It may seem silly at first – a car tugging a salmon pink hot tub down a dirt road – but Weltevree draws you into their heavenly world of rustic (yet ingeniously engineered) bliss so completely that you find yourself looking at their inventions and mentally rearranging your lifestyle to integrate a dutch tub into it in any way possible.
Image credit: Weltevree community magazine
So with that in hand it’s time to light the fire, sit back and watch the sunset with your pal. The tub measuring 170 x 170 x 84cm is made of fiberglass, polyester, and stainless steel and weighs 75kg.
Another object of my affection from their collection is the ‘Outdooroven’. They tout it as a fireplace, heat source and barbecue in one – but aren’t all ovens basically that? The real value for me is in the appeal of ritual, a return to old values and a connection to the earth while experiencing design that is wholly modern in its execution.
A particularly rustic ‘Outdooroven’ at Salone del Mobile:
Parallel to this, they’ve come out with a magazine/marketing collateral that shares the experience and promotes community among their customers,wonderfully expressing the passion that they clearly put into their creations. For more information go to Weltevree or www.dutchtub.com but don’t miss their ingenious ‘social experience experiment’ on World Wide Local where they use a Google map app to connect the Weltevree owner community from all over the world.
A ‘Stonestove’, another one of Weltevree’s creations:
Nouvelle Vague, France
During a week of loud design proclamations, I admired the way the French tiptoed into Milan Design Week humbly presenting an absolutely dynamite exhibition at the French Cultural Center. One of my favorites was by duo A+A Cooren – a vase of borosilicate glass (pyrex glass) called ‘Tourbillon’, which means whirlpool.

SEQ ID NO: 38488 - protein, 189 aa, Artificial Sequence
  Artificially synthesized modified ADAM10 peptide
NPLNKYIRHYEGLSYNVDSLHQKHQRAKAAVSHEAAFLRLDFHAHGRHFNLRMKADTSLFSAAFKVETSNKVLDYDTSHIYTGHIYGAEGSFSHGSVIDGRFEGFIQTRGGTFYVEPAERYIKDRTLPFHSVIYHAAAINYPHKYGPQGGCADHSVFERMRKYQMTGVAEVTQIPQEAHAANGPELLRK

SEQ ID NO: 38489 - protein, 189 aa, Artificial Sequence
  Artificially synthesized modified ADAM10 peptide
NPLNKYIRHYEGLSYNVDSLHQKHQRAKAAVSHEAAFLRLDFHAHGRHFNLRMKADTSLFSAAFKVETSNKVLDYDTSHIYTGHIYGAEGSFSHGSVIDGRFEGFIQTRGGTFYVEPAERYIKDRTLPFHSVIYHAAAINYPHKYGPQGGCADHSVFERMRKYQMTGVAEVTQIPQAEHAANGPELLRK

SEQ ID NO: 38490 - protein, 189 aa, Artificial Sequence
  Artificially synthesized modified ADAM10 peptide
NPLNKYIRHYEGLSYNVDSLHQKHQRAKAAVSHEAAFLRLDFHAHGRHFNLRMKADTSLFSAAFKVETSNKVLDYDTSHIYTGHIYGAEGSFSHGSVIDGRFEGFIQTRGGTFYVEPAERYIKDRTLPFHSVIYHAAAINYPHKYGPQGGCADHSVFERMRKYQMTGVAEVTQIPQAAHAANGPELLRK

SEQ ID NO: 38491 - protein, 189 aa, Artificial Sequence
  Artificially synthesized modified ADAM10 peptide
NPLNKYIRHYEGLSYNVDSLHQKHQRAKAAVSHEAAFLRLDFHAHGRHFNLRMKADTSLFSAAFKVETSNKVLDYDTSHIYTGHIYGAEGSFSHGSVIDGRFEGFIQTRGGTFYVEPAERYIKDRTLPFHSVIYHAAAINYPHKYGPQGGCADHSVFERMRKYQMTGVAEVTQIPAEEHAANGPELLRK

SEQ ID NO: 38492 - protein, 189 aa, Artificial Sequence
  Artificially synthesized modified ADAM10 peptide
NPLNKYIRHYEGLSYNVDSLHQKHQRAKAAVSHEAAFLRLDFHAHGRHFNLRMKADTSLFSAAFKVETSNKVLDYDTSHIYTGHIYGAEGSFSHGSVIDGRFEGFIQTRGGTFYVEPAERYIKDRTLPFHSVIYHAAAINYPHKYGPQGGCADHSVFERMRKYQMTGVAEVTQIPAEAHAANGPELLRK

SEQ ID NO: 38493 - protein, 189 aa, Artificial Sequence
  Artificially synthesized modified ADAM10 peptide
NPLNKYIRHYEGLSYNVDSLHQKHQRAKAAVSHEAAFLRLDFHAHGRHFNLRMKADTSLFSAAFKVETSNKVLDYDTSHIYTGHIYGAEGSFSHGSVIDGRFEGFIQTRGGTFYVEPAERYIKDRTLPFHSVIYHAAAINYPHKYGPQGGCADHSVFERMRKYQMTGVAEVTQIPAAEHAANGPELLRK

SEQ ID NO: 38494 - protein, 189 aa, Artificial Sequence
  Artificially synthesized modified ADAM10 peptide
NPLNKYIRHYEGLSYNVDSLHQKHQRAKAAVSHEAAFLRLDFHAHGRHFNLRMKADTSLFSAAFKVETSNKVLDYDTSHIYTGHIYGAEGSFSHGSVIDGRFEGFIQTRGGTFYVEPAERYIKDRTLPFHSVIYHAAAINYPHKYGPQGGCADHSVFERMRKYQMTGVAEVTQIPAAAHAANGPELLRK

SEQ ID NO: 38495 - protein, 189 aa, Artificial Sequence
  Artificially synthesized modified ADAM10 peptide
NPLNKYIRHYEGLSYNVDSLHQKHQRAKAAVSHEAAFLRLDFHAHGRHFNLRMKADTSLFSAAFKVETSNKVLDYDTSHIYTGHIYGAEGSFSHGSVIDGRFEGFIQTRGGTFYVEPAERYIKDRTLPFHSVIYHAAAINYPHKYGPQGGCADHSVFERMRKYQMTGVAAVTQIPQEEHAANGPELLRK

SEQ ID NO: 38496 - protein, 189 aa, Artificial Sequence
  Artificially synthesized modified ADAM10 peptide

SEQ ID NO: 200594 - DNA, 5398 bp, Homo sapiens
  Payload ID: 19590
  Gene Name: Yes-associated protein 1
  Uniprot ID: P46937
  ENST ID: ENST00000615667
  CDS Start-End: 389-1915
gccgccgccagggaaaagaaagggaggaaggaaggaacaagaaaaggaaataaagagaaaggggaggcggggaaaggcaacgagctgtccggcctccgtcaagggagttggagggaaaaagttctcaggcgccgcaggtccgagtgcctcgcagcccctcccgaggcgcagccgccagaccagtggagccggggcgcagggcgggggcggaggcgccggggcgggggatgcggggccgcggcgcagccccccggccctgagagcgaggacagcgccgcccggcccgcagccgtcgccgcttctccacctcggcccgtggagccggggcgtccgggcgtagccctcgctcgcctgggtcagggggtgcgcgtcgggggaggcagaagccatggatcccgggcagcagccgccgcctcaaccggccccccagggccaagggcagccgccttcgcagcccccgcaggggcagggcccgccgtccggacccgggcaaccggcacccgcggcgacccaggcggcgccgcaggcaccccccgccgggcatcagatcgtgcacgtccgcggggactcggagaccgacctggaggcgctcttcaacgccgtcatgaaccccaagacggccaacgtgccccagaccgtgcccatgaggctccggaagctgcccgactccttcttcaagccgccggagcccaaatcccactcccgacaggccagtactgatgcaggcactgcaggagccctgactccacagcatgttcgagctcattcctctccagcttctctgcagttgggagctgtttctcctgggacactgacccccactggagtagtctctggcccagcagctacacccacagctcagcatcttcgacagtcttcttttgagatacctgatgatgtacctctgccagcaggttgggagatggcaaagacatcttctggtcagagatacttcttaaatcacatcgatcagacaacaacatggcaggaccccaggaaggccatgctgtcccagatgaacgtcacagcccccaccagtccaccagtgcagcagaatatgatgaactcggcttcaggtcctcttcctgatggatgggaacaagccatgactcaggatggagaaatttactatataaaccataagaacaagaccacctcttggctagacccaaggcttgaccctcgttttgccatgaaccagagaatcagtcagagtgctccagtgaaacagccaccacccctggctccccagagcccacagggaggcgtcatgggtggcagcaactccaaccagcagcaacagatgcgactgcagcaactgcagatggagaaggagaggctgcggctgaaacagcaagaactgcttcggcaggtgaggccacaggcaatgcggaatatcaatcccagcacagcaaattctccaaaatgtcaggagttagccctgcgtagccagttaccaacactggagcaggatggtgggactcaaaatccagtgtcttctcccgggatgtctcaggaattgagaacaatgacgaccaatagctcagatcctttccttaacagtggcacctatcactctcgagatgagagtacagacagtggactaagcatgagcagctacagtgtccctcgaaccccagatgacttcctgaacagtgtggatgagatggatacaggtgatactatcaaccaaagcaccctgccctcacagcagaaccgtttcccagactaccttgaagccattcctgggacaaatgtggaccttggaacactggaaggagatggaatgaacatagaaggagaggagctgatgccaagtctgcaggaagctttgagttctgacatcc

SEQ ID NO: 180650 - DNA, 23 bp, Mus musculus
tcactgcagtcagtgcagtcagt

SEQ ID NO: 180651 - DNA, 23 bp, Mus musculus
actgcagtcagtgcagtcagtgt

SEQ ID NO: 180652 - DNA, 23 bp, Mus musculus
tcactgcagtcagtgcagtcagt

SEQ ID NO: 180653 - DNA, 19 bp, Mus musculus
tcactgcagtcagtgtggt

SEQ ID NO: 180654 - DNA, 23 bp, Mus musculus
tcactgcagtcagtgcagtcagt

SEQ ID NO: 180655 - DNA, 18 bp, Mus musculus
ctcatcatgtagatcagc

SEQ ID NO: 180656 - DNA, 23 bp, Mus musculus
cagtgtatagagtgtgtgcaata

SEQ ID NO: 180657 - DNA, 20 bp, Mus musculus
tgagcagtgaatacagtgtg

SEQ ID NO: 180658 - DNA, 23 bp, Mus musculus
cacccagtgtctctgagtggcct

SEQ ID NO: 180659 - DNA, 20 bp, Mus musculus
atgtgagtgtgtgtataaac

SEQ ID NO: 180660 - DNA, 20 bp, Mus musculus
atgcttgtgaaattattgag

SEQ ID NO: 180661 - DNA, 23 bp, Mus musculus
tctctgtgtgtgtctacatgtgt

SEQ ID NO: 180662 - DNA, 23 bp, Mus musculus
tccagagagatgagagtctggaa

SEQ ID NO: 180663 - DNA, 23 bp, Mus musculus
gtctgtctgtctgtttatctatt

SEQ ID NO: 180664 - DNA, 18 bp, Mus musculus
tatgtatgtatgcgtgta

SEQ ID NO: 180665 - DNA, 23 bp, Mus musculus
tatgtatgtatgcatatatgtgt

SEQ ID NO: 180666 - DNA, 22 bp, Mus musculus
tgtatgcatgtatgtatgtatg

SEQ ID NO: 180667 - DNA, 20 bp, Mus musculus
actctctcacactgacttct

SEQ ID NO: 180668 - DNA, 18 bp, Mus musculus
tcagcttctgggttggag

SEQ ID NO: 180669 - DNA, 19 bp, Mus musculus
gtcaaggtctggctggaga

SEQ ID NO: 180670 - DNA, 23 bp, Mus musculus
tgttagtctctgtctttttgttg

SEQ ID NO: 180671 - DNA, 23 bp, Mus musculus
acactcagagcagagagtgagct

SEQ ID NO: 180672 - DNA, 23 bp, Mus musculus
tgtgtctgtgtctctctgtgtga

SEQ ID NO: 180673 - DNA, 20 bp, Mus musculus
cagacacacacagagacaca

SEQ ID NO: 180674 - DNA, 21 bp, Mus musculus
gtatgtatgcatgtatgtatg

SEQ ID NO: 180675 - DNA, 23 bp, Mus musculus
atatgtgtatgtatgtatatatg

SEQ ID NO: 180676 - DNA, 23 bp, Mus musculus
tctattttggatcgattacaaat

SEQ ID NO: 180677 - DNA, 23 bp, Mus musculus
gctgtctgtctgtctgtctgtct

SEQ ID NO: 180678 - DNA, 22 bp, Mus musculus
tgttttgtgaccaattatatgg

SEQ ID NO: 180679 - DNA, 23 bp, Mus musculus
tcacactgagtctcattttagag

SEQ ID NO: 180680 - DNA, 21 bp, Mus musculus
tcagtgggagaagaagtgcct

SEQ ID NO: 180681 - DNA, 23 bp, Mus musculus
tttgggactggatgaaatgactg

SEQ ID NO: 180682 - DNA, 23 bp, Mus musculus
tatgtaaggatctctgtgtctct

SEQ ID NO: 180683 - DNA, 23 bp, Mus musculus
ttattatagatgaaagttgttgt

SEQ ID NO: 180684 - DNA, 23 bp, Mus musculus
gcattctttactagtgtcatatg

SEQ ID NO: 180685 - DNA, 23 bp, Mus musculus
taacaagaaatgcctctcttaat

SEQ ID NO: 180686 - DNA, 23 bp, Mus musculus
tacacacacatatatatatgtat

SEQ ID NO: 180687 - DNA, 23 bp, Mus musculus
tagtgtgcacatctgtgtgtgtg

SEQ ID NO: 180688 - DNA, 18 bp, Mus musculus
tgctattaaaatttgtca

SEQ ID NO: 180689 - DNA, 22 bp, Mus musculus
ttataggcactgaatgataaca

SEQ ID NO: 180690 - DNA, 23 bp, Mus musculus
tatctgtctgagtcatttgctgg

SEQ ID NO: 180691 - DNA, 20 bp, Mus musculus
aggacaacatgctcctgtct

Tourbillon by AA Cooren:
The glass warbles and flows, bends and spirals in a fashion identical to an actual whirlpool. A small cup sits at the bottom so you don’t have to lift the whole vase each time you change the water.
Here’s Aki Coreen, one half of the A+A Cooren duo, posing with their Tourbillon vase:
My other favorite was from the ‘Perch’ collection of French designer Pierre Favresse. The rocking chair and desk with lamp were feather light on the eye while being sublimely functional and graceful at the same time. I wanted to tuck each under an arm and carry them home.
‘Desk’ by Pierre Favresse:
‘Rocking chair’ by Pierre Favresse:
Manuela Crotti, Italy
Set up in a quiet room next to the tap tap tapping of the staff at Spazzio Rossana Orlandi was the work of Manuela Crotti, another of my favorites and a real departure from the functional and streamlined design seen everywhere else.
A Manuela Crotti table:
Manuela remains a mystery as I wait to hear more about her from Rossana’s assistant, but she layers a tableau of candy, food, nostalgic nick nacks and every day items from an enchanted life behind layers of resin to make up a long dining table, round table, cupboard buffet and end table, among other pieces.
A Manuela Crotti cupboard buffet:
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